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Inspect your house like pro and save money

Category Helpful Hints

Inspect your house like pro and save money

14 Oct 2015

 

The importance of having a professional home inspection done when you first buy a property cannot be understated.

“Doing an annual maintenance inspection yourself will highlight most problems before they become costly repairs,” says Graham.

This is according to John Graham, founder ofHouseCheck and principal of South African Home inspection Training Academy (SAHITA), who says although this is important, you can inspect your house yourself to prevent costly problems arising.

“Doing an annual maintenance inspection yourself will highlight most problems before they become costly repairs.”

Graham gives the following advice for inspecting your home like a pro:

1. The exterior

He says to inspect the exteriors first. If you are not comfortable with heights, it is better to leave climbing on the roof for the pros and to use a pair of binoculars.

Graham says the following is important when inspecting the exteriors:

 

  • Roof

 

Check for broken or missing tiles or roof sheeting, or anything which may compromise the weather protection of your home. Check for tree branches growing over the gutters and roof, and trim back and clear these.

 

  • Chimneys and pipe penetrations

 

Look for anything that might be blocking the chimney opening. Inspect the bricks and mortar around the chimney, especially the crown (top) and the base of the penetration. There should be no cracks or broken pieces that allow water to seep in.

 

  • Gutters and downpipes

 

Check for sagging or blocked gutters and damaged joints. These problem areas often allow water to run down walls and into the foundation, which can cause major damage.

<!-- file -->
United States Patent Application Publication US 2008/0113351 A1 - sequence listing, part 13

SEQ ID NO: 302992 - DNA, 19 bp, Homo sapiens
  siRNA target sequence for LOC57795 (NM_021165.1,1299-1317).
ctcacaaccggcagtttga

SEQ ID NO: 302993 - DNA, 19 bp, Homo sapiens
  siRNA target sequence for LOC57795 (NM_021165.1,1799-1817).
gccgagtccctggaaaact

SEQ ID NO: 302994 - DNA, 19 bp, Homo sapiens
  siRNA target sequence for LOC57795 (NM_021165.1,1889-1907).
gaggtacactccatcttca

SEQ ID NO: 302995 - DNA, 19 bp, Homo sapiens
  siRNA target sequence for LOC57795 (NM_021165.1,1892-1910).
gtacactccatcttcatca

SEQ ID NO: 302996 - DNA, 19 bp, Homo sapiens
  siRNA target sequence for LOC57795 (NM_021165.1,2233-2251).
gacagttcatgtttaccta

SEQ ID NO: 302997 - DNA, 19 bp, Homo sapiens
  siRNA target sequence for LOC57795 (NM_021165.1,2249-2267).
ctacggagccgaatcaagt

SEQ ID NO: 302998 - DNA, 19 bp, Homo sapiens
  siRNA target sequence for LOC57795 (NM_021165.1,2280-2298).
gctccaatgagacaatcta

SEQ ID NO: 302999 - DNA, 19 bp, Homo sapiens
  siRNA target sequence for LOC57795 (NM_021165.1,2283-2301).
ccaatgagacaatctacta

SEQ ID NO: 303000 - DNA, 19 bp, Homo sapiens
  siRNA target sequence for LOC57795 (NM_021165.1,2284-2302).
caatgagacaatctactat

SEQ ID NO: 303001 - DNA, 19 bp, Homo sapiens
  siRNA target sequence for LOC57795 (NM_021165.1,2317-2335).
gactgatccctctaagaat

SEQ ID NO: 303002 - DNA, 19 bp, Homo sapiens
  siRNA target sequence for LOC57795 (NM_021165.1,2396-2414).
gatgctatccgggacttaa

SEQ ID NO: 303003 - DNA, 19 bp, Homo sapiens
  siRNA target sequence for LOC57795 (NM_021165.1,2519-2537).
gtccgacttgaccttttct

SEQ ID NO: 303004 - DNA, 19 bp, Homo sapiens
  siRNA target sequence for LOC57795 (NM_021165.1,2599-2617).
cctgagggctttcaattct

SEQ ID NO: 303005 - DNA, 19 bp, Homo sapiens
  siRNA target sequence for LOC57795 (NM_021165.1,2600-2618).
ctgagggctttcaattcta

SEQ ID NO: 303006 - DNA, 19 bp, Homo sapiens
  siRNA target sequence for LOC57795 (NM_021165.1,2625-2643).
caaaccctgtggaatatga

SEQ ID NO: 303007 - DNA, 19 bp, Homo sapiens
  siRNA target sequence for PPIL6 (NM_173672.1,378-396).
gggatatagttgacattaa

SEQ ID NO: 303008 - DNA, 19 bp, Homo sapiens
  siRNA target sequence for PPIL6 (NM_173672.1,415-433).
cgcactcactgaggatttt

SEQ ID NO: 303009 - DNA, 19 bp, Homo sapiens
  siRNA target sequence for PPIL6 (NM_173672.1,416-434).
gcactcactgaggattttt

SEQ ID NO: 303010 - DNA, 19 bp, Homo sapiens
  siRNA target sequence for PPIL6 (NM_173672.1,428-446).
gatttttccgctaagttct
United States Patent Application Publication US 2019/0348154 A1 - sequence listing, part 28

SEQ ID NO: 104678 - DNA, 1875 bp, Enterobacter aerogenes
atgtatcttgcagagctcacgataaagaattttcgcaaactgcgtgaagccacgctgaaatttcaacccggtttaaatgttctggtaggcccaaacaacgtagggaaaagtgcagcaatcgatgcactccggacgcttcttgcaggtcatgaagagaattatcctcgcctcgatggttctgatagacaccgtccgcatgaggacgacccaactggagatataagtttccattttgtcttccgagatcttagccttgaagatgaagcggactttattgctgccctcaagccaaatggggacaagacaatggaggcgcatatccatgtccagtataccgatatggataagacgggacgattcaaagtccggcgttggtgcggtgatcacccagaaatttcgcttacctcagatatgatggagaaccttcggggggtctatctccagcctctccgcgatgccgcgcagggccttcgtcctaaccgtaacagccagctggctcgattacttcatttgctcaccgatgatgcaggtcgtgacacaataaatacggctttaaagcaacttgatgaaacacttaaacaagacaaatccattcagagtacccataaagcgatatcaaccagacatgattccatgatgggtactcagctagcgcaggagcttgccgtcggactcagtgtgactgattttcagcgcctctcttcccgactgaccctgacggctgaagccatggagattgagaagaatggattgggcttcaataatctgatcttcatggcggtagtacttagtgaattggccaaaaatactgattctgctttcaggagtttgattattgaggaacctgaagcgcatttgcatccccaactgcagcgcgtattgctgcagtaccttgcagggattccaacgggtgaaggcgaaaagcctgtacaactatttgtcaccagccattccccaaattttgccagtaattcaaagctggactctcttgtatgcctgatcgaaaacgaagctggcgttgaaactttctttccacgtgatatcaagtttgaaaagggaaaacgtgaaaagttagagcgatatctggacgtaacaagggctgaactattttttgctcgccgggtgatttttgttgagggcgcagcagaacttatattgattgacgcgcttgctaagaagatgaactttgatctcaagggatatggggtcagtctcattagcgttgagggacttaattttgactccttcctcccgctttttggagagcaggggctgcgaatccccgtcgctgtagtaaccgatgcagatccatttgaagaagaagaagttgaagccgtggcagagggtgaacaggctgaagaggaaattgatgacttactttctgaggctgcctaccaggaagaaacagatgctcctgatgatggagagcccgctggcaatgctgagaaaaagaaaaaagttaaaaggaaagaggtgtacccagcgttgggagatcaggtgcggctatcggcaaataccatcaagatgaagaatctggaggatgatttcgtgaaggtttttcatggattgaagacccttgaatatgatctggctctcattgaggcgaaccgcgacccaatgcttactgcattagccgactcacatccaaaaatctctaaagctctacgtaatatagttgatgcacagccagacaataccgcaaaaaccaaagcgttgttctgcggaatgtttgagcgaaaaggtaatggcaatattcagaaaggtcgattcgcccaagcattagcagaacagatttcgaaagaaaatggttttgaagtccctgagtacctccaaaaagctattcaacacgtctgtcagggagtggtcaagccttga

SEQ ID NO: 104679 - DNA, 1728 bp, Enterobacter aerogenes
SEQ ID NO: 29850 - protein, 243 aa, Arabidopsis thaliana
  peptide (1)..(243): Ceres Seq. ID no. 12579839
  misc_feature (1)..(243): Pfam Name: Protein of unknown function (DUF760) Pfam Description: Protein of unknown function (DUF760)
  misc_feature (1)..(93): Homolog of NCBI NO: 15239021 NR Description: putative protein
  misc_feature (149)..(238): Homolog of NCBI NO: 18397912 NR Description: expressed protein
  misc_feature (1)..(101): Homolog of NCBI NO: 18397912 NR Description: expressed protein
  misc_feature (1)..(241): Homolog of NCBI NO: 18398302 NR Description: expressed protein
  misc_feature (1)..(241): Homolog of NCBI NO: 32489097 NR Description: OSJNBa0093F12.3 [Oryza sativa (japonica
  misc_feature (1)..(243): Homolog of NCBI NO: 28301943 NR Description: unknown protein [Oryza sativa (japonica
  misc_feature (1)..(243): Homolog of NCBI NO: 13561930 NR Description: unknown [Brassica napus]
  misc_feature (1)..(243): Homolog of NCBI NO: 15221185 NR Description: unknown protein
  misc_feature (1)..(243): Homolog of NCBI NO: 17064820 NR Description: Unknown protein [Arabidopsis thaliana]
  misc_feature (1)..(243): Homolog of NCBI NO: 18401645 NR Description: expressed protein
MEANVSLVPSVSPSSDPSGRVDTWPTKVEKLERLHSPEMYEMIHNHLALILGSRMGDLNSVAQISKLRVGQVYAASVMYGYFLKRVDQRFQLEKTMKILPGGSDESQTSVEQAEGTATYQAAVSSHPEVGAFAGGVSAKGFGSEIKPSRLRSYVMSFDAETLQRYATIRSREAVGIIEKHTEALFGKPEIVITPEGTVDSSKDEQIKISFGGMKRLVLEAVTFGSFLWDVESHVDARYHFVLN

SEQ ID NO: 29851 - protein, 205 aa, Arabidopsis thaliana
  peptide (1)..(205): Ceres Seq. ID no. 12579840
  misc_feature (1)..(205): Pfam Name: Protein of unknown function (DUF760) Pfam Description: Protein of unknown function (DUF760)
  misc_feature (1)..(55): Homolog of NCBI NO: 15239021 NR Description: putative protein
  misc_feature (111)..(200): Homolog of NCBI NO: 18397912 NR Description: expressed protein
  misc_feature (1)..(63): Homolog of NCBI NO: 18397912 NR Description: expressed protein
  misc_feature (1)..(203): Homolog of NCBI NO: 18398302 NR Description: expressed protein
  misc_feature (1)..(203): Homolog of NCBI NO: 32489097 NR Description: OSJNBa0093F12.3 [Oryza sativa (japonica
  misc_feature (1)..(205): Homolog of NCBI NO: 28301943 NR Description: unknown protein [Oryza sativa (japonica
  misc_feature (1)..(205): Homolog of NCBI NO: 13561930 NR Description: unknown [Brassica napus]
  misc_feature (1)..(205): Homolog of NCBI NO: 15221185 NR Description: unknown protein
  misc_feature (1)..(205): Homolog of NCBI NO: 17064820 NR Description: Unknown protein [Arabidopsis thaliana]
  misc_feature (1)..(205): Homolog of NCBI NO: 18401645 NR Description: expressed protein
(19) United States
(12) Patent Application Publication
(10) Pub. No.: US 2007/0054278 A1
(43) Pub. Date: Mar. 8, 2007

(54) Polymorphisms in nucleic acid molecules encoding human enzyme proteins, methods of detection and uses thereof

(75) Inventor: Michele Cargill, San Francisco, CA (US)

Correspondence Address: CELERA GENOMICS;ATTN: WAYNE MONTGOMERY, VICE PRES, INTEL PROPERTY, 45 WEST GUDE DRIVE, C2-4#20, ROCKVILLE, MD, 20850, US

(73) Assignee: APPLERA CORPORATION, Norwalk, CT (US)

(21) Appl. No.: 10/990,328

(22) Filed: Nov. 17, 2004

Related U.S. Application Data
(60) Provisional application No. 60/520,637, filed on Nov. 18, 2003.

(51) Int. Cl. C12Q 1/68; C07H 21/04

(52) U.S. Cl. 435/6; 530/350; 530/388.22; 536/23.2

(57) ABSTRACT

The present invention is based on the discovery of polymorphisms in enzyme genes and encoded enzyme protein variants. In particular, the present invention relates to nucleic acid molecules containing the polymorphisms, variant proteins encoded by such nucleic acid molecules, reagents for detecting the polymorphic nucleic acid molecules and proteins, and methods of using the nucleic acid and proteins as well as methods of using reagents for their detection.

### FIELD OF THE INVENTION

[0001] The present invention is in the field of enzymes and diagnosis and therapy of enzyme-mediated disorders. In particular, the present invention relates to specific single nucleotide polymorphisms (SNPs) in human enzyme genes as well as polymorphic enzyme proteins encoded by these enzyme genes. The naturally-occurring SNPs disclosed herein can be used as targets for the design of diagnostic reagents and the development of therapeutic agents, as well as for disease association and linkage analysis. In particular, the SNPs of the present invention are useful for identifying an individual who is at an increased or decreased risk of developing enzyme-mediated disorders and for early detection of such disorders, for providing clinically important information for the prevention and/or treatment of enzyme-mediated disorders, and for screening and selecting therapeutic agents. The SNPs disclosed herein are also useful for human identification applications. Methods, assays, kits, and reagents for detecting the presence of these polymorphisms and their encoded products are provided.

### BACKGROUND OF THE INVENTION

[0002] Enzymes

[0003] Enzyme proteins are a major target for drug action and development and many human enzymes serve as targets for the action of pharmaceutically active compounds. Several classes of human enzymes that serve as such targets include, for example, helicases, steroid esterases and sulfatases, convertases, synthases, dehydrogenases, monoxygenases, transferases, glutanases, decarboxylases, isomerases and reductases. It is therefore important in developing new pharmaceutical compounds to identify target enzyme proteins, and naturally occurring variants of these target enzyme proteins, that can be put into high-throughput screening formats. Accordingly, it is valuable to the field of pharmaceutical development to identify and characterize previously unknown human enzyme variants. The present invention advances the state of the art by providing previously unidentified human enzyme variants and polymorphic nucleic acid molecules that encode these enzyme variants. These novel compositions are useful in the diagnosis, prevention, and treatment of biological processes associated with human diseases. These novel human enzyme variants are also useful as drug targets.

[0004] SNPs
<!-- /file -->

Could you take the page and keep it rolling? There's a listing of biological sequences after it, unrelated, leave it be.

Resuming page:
• Paint

 

Check for peeling paint as it can be a sign of moisture penetration. 

 

  • Walls and foundations

 

Check for cracks which can be either a sign of minor settlement, or something more serious. Slight settlement cracks are fairly normal in many areas of South Africa because of the problem soils on which most of our cities and towns are built.

Significant cracking can be caused by foundation movement, which is often connected with water seeping under the foundations, especially if there is clay soil. 

Make sure that there are no areas where water is ponding against the foundations of your house. Correct the drainage if you find this. If you are worried about any cracks, call in an expert or at least monitor the cracks for continued movement.  

 

  • Windows and doors

 

Graham says to check for sagging or blocked gutters and damaged joints. These problem areas often allow water to run down walls and into the foundation, which can cause major damage.

Look for rotted seals around the frames. Poor sealing around window and door frames and around glass panes is one of the major causes of water damage.

 

  • Driveways and garage

 

Check the paving. If you have an automatic driveway gate or garage door, use your hand to do a force test and to ensure that the safety auto reverse has been installed and is working. Gates and garage doors that do not have a functional auto reverse are a serious safety hazard, especially for small children.

 

  • Pool, decking and paving

 

These areas require regular maintenance and it’s important to inspect above and below the surface. Look for loose and broken boards and lifting paving. Inspect for signs of ant and termite damage.

2. The interior